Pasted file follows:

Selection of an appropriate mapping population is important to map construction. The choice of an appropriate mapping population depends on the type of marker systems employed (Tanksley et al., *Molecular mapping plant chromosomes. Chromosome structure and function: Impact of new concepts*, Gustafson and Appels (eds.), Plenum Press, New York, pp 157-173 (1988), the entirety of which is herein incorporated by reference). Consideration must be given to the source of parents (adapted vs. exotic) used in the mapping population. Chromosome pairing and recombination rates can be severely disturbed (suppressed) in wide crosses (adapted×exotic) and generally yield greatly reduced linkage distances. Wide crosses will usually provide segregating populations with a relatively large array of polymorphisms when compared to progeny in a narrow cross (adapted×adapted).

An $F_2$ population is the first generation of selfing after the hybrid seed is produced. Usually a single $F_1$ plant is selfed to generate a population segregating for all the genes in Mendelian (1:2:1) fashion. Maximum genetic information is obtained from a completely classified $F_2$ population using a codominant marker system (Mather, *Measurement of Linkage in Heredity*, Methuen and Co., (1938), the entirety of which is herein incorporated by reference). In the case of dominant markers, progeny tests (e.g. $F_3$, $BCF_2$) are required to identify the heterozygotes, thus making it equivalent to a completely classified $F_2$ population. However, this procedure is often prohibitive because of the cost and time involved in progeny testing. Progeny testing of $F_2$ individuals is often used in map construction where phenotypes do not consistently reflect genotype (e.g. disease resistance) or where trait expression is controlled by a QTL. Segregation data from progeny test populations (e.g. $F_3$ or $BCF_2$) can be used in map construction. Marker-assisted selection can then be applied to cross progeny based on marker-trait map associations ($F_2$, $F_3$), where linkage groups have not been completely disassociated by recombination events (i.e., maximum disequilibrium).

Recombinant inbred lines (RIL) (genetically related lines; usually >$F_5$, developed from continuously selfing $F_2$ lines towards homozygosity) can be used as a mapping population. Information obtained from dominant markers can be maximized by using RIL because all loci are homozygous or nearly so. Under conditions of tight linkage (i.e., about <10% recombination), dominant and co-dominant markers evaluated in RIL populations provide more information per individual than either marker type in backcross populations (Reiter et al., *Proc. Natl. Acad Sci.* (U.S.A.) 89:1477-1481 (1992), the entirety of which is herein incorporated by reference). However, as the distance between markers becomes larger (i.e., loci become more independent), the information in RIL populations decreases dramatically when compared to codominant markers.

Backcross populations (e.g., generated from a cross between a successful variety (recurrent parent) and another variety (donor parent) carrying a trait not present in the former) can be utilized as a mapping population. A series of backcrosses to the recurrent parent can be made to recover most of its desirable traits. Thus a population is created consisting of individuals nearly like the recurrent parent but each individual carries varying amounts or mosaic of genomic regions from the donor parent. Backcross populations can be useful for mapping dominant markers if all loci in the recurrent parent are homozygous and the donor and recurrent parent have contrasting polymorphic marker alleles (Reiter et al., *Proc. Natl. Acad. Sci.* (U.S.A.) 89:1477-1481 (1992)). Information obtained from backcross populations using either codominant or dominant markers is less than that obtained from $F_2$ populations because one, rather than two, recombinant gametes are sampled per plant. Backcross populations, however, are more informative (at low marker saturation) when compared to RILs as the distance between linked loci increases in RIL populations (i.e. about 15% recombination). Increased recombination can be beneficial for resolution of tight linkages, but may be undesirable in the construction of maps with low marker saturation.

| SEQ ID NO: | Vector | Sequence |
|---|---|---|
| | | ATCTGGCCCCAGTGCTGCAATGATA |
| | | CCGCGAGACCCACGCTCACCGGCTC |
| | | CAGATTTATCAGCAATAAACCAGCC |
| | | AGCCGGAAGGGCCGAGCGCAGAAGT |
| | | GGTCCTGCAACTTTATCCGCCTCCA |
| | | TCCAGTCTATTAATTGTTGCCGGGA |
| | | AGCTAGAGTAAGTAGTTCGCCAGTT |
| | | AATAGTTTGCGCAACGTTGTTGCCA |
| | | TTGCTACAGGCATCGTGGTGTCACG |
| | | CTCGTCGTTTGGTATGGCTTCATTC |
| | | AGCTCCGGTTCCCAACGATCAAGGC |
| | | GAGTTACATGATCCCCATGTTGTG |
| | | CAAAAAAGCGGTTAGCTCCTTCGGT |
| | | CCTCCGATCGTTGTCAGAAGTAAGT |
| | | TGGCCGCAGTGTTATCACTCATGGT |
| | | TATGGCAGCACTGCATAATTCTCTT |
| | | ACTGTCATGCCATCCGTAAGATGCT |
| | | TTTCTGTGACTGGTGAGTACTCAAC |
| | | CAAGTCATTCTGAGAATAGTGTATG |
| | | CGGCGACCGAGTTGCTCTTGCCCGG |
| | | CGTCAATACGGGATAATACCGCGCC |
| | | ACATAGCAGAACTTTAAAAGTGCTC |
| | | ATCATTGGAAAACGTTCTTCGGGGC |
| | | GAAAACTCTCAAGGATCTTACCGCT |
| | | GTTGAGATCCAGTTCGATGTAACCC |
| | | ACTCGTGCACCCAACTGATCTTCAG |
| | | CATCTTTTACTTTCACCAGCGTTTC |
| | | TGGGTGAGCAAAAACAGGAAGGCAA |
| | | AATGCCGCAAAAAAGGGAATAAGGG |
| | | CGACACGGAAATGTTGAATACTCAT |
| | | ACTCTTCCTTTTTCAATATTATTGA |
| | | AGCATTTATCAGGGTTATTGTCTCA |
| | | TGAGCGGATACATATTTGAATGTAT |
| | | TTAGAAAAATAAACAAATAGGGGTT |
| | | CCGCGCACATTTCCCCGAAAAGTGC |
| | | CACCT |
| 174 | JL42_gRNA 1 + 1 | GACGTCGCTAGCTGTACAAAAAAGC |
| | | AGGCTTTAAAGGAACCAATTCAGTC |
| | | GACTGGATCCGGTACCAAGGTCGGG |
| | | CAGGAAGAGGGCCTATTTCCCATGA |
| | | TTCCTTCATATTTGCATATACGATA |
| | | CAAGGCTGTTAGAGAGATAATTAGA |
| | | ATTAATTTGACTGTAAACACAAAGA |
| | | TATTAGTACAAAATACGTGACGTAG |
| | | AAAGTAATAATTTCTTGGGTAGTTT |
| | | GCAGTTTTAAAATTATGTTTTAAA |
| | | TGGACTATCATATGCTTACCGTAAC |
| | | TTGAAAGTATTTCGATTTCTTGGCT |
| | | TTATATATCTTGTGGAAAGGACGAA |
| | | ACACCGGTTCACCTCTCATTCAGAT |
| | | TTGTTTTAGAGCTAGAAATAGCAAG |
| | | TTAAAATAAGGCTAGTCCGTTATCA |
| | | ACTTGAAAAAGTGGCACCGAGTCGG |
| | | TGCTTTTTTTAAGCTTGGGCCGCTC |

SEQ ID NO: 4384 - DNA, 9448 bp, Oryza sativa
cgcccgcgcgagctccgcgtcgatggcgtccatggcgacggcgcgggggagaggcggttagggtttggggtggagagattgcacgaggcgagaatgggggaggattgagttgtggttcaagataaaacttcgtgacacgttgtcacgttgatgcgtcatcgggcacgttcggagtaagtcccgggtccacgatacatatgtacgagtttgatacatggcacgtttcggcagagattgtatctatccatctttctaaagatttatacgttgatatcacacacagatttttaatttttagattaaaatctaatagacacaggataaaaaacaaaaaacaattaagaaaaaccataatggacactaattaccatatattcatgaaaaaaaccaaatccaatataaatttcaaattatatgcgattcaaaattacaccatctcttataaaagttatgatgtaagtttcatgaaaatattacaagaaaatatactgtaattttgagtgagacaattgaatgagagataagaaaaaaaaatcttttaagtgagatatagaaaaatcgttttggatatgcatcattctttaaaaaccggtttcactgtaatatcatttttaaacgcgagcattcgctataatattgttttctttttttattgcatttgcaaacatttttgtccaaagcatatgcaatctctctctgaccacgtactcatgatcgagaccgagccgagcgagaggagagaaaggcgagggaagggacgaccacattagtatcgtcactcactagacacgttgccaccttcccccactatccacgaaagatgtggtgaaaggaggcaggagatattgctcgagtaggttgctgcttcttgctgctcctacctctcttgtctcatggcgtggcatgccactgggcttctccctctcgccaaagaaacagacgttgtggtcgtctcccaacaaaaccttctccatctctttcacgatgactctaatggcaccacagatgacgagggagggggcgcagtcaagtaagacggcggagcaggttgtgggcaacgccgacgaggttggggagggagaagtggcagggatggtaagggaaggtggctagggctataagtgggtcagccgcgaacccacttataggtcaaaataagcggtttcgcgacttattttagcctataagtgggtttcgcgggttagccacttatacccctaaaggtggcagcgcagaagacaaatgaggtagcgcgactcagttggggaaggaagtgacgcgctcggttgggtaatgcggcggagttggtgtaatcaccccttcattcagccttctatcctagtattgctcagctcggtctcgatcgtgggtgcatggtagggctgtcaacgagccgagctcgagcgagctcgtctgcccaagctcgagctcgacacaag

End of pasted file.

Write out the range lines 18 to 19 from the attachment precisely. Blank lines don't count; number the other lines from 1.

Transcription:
| | | GAGTTACATGATCCCCATGTTGTG |
| | | CAAAAAAGCGGTTAGCTCCTTCGGT |